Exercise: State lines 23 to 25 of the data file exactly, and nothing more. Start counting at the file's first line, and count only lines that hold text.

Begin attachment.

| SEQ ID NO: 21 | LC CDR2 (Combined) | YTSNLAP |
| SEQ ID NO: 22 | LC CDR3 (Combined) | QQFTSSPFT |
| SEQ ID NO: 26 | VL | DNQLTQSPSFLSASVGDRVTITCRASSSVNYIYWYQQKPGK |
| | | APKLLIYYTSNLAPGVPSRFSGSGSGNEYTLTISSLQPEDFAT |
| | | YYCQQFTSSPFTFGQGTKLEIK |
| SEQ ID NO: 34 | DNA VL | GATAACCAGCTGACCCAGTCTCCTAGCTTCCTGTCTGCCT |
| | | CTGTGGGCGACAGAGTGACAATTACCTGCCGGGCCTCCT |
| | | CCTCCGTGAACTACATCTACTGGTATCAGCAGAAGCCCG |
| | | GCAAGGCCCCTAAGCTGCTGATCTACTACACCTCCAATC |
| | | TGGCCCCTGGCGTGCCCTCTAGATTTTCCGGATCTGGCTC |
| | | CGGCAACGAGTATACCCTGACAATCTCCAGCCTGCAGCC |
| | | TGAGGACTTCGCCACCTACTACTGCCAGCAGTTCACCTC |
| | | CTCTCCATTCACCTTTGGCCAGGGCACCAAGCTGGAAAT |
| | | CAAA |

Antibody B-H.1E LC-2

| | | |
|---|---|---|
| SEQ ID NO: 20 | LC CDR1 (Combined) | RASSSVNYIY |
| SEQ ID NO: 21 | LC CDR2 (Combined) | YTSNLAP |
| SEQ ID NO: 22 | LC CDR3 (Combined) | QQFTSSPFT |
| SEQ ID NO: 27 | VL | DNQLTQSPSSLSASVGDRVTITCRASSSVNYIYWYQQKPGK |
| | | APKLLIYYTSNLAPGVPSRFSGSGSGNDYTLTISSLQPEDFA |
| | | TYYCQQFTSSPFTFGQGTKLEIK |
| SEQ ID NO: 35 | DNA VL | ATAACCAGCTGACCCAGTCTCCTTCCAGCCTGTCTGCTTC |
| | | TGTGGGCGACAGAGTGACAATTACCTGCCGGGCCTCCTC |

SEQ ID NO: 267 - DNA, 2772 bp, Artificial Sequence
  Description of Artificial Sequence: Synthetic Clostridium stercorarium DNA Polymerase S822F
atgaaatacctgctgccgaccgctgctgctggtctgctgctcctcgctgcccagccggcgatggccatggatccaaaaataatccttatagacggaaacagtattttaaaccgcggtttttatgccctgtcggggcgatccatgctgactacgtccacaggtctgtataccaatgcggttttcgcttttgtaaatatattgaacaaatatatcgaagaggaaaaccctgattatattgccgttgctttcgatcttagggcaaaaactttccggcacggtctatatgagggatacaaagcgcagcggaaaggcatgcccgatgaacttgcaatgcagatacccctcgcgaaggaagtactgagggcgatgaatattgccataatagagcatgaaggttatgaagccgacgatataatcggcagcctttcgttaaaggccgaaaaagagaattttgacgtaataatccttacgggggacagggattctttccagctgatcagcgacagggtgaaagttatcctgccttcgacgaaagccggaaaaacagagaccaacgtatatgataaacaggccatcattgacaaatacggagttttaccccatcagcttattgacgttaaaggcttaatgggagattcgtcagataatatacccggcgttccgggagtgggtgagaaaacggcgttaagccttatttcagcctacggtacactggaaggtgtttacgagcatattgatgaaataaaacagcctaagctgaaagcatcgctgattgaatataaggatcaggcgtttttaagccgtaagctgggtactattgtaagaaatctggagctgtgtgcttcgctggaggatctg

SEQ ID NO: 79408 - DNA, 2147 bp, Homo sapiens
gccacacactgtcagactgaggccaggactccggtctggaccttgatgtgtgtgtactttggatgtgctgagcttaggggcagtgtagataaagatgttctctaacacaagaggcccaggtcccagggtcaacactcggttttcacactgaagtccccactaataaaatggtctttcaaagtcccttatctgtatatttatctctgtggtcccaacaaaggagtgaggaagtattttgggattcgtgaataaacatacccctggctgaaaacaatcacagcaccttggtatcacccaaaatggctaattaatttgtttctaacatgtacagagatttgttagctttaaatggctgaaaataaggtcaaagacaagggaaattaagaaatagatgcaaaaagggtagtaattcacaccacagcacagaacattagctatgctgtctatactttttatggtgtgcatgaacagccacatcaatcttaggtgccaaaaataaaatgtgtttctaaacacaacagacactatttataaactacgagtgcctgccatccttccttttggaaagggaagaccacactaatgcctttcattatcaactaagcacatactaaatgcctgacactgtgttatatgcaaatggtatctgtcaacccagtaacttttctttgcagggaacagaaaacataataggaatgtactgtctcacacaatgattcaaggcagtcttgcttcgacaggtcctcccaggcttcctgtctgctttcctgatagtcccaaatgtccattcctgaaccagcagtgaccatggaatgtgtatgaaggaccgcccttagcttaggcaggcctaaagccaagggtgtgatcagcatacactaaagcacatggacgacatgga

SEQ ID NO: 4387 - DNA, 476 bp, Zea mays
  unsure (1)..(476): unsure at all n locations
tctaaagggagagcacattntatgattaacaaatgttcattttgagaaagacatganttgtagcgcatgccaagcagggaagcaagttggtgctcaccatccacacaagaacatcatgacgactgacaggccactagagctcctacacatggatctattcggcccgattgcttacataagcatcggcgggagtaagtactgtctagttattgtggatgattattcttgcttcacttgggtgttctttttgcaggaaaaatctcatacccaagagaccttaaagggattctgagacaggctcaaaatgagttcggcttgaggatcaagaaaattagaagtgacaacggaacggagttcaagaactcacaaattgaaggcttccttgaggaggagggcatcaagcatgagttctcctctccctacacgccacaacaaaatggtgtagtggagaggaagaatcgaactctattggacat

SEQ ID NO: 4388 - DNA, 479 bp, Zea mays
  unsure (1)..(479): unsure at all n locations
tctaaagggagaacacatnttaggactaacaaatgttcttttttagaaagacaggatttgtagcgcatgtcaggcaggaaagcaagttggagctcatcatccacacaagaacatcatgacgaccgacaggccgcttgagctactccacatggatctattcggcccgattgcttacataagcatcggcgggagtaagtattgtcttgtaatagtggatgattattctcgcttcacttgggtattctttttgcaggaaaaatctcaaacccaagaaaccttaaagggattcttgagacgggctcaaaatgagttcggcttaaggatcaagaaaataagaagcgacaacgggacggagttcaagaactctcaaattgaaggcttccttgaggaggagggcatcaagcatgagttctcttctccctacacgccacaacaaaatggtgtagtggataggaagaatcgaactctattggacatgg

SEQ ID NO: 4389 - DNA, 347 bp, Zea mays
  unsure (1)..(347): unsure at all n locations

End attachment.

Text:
| | | TYYCQQFTSSPFTFGQGTKLEIK |
| SEQ ID NO: 35 | DNA VL | ATAACCAGCTGACCCAGTCTCCTTCCAGCCTGTCTGCTTC |
| | | TGTGGGCGACAGAGTGACAATTACCTGCCGGGCCTCCTC |